The Ear of the Heart, Mother Dolores Hart, OSB & Richard DeNeut
This is the October choice for one of my book groups, and a friend was kind enough to give me a copy. I'm not sure I would have bought it for myself, I'd probably have waited out the library queue. I enjoyed it, but it wasn't quite what I expected, and I'll be interested to see what the group makes of it.
Dolores Hart was a rising young star in Hollywood in the late 1950s and early 1960s. She became an instant celebrity with her first film, Loving You in 1957, where she kissed Elvis Presley - his first on-screen kiss (and hers as well, of course, though nobody paid much attention to that). She had a successful and prestigious stage debut in 1958, in a play that ran for a year on Broadway, which earned her a Tony nomination. She returned to a range of film roles, and an engagement. But in June of 1963, she shocked people across the country by entering a small cloistered Benedictine monastery in rural Connecticut. There she would spend her days as "Mother Dolores," in manual labor and chanted Latin prayers, beginning with Matins at 1:50 AM. Public interest remained high over the years, and the media continued to cover her life as a nun, particularly at major celebrations like her reception of the nun's habit. She was the subject of a 2011 HBO documentary that was nominated for an Oscar (she attended the awards and was naturally the only one on the red carpet in a full religious habit, wimple and all).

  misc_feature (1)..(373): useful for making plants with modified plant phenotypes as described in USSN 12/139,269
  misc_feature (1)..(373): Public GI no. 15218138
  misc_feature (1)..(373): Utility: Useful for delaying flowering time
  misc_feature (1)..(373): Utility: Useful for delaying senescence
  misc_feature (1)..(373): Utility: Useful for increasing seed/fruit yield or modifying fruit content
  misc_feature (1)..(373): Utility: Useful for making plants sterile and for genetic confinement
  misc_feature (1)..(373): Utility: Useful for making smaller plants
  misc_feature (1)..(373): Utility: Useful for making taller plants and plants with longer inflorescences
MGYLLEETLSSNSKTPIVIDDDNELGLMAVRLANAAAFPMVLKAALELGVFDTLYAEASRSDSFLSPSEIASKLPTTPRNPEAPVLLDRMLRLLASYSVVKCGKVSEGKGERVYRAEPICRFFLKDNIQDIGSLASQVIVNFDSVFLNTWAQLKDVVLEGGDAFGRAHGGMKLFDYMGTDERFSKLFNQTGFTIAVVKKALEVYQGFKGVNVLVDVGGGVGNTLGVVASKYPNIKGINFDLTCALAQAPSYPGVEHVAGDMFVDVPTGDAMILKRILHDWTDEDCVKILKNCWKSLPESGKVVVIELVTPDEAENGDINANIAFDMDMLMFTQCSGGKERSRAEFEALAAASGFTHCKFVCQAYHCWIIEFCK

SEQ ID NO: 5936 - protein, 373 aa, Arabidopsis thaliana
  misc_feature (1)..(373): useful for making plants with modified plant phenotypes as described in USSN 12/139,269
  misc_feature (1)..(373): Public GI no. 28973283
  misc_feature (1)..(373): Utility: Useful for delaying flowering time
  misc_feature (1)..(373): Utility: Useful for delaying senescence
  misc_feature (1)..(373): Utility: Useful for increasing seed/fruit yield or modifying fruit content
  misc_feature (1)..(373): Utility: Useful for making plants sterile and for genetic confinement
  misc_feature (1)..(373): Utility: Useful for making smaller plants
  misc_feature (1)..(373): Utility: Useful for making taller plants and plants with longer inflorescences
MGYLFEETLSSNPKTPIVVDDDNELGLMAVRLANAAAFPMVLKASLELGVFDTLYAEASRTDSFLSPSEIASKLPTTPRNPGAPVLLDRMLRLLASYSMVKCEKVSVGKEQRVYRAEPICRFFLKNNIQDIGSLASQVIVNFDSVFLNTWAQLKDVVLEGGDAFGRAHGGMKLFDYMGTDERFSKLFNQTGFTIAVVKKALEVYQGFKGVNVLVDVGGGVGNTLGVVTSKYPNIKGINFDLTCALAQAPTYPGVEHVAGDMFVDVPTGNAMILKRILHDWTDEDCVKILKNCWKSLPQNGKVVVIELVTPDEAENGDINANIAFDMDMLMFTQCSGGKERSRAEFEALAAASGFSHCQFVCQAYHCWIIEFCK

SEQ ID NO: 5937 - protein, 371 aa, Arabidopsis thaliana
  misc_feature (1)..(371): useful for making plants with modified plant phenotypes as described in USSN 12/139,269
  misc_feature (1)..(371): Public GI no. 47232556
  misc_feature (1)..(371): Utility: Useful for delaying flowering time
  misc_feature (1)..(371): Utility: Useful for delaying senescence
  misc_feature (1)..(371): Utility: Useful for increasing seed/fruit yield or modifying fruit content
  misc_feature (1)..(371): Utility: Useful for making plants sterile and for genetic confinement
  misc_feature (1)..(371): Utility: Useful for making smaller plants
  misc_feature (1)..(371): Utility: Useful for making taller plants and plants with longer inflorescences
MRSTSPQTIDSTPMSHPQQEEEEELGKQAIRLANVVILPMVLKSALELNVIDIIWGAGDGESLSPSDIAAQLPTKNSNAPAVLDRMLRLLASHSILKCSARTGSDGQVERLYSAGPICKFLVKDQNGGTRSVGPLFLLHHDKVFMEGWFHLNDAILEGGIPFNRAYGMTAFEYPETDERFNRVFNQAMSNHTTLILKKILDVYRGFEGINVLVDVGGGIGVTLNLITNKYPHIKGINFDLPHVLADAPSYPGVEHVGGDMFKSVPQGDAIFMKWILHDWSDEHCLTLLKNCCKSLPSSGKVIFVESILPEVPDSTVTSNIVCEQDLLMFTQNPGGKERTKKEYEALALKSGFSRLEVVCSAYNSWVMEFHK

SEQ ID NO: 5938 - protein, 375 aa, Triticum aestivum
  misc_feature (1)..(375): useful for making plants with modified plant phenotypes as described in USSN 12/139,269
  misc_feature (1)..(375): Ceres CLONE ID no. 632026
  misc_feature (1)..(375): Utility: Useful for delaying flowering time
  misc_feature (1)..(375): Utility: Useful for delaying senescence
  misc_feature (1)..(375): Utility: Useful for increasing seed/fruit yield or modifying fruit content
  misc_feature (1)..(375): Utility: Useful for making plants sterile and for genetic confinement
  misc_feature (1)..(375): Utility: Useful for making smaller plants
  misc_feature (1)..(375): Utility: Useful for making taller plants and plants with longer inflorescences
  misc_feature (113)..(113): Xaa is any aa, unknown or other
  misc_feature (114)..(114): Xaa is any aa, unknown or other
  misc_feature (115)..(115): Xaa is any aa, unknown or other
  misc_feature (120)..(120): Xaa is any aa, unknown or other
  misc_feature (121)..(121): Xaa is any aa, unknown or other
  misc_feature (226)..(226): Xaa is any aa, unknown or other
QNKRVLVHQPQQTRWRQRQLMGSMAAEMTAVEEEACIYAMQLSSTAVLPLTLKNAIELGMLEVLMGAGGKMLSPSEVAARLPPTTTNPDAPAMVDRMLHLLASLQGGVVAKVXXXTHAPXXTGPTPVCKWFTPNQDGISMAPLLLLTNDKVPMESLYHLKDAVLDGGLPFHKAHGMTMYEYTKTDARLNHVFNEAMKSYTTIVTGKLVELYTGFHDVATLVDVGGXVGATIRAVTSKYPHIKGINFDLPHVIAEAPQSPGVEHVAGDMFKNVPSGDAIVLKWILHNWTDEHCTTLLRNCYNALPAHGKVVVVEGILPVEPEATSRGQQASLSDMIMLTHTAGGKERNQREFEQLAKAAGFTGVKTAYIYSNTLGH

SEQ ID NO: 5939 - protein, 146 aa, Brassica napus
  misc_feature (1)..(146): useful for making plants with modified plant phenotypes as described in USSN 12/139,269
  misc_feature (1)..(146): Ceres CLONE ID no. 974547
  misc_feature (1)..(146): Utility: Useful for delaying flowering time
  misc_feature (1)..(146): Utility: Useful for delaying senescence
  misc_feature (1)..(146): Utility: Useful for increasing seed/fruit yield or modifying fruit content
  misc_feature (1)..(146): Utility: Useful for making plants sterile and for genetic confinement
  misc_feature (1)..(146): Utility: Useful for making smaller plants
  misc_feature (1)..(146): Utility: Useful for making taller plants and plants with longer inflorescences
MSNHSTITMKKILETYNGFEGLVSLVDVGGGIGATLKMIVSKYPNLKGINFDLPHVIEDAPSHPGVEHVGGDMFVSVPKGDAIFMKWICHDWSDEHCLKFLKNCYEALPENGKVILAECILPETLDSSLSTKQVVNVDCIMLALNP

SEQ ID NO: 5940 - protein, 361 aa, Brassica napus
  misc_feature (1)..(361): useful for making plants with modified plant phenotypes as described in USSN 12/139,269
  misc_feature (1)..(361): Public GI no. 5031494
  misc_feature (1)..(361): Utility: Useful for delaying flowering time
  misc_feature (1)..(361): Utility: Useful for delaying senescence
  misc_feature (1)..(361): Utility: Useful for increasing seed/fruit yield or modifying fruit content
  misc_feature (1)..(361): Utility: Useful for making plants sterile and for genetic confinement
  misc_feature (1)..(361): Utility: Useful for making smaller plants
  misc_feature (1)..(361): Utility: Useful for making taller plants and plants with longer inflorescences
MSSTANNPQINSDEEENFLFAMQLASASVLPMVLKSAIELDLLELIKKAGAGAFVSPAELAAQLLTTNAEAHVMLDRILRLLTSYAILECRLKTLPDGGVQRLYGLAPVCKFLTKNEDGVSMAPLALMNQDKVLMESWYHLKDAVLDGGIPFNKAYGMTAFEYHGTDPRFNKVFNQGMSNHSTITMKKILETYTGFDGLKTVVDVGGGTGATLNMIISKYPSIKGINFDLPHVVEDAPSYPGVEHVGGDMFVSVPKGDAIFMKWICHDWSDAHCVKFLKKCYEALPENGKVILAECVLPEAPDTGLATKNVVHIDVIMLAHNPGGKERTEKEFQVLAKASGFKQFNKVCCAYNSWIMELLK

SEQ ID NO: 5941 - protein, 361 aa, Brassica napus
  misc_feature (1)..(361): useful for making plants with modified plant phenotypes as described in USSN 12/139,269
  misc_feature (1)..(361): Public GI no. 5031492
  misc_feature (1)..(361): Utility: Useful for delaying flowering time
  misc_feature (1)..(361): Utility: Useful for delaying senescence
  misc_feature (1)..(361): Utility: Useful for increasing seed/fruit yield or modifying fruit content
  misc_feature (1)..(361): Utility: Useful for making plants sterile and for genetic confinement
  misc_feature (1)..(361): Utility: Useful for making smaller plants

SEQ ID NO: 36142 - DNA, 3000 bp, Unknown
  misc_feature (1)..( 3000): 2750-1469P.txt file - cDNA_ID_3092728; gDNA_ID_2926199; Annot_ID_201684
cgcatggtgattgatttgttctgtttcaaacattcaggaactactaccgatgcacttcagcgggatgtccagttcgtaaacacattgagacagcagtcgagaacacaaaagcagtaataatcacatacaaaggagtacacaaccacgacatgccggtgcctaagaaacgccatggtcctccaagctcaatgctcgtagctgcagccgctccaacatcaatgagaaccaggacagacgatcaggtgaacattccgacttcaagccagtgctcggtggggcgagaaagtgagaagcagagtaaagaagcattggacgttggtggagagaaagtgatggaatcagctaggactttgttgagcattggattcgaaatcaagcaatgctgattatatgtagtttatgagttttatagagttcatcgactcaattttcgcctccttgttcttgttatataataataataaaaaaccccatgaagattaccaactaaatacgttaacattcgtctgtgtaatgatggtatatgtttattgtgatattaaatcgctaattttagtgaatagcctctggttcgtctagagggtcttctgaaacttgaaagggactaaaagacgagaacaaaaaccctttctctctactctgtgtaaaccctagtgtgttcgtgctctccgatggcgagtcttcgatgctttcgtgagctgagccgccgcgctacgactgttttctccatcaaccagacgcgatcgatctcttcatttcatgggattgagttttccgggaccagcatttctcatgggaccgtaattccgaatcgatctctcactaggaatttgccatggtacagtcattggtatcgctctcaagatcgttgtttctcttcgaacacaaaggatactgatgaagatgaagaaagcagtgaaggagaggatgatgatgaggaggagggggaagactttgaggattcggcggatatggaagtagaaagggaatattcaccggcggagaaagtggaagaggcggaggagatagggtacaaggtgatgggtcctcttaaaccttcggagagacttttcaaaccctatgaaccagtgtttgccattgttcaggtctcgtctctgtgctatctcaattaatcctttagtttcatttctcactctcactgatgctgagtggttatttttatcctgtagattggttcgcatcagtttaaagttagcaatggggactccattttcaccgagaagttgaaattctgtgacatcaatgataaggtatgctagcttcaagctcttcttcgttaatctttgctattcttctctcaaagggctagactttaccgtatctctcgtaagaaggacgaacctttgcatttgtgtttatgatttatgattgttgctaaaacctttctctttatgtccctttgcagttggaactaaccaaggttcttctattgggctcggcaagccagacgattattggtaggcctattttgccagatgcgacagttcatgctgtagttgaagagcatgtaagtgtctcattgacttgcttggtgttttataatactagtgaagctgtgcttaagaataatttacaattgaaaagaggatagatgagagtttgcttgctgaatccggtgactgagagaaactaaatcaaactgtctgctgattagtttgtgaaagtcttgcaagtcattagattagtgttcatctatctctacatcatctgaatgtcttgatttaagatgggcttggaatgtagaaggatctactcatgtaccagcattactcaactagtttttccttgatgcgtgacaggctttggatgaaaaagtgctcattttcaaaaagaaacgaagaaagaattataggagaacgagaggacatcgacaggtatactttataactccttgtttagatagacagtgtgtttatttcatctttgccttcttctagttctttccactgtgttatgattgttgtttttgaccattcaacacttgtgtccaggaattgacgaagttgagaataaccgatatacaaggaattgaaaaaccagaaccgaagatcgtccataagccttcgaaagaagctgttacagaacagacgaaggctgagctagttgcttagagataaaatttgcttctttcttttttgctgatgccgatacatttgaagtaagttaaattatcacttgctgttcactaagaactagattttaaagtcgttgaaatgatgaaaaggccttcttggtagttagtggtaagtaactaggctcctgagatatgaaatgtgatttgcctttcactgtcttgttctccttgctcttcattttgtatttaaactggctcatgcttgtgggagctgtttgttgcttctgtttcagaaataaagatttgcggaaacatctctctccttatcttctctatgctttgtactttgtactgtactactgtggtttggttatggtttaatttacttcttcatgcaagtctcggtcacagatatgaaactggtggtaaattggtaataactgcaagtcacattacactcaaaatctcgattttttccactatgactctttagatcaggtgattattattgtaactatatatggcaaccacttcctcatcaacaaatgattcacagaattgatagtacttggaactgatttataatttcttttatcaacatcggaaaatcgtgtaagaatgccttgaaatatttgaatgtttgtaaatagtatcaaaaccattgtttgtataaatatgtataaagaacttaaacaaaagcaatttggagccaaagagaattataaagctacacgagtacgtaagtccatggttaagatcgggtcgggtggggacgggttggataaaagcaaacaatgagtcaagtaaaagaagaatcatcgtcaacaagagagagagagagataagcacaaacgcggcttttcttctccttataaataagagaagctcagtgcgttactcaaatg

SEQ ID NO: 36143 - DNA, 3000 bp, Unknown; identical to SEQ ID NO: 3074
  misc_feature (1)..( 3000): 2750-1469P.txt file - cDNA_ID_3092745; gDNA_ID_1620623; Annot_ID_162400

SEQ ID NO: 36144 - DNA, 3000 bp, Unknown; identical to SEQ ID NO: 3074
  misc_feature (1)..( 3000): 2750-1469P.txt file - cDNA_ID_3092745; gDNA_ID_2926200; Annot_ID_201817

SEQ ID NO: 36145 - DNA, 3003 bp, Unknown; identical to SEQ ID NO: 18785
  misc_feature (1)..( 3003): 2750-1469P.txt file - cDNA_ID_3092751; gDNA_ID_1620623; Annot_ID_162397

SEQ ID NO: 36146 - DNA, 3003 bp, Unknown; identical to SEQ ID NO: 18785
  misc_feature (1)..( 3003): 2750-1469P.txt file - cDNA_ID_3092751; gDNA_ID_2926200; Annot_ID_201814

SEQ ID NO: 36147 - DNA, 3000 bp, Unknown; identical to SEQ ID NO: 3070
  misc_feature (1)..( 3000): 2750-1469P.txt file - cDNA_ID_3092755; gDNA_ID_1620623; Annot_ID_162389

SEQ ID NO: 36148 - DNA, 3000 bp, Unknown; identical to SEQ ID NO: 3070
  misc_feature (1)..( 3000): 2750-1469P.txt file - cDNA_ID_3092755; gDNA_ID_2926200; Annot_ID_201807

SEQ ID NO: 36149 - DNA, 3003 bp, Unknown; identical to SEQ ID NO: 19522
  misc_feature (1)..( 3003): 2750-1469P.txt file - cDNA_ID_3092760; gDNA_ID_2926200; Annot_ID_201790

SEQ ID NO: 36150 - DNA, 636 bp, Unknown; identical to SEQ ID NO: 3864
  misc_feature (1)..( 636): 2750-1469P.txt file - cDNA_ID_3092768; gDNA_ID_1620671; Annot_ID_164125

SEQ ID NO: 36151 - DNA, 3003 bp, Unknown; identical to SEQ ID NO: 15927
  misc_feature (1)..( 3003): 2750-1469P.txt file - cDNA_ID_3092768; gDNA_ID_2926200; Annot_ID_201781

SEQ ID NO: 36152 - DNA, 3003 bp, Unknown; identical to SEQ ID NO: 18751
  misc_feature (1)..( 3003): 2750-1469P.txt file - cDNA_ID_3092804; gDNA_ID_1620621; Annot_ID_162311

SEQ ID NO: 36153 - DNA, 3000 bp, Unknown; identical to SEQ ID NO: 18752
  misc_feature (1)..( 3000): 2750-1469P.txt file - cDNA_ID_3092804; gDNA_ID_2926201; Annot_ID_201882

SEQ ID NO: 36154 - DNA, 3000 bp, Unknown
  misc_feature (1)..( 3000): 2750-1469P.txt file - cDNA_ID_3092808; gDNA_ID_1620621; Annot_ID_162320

Finally Mother Dolores decided that the time had come to tell her own story, after years of requests. She chose to write it with an old friend, a former boyfriend in fact, Richard DeNeut. They had met in Hollywood, where he worked in a photo agency, and she was one of the stars he handled. They have collaborated on other projects, including the autobiography of actress Patricia Neal, much of which was written at Mother Dolores' abbey. When I saw "and Richard DeNeut" on the cover, I figured he was the ghostwriter. Instead, the story alternates between his narration, generally third-person, and Mother Dolores' first-person. His is in plain type, hers in italic, so it's always easy to tell who is talking, and the switch back and forth between narrators seemed to me to work well. There are also frequent brief interjections, quotes from taped interviews inserted into the narratives, which liven up the stories.
I am a big fan of classic films, particularly those of the 1930s and 1940s, and I was fascinated reading about Dolores Hart's film career and her life as a young actress in Hollywood. As a student at Marymount College in Los Angeles, she was drawn to the drama department. While acting in a play about Joan of Arc, she came to the attention of the great producer Hal Wallis, then at Paramount, who had won his first Oscar for Casablanca. He put her under contract, casting her first in the Elvis film. I don't know much about the films of the 1950s, but I recognized plenty of names and titles. Dolores was a favorite of costume designer Edith Head, who called her "Junior." She worked with George Cukor and Michael Curtiz, with Myrna Loy and Maureen Stapleton. Maria Cooper Janis, the daughter of Gary Cooper, is one of her closest friends, and Dolores stood as Gary's godmother when he was baptized into the Roman Catholic Church. When she made her theater debut, it was in a Broadway play with Cornelia Otis Skinner. Throughout her career, her Roman Catholic faith remained at the center of her life and her work. With fellow Catholics like Rosalind Russell, Loretta Young, and Irene Dunne, she was active in church groups and charities.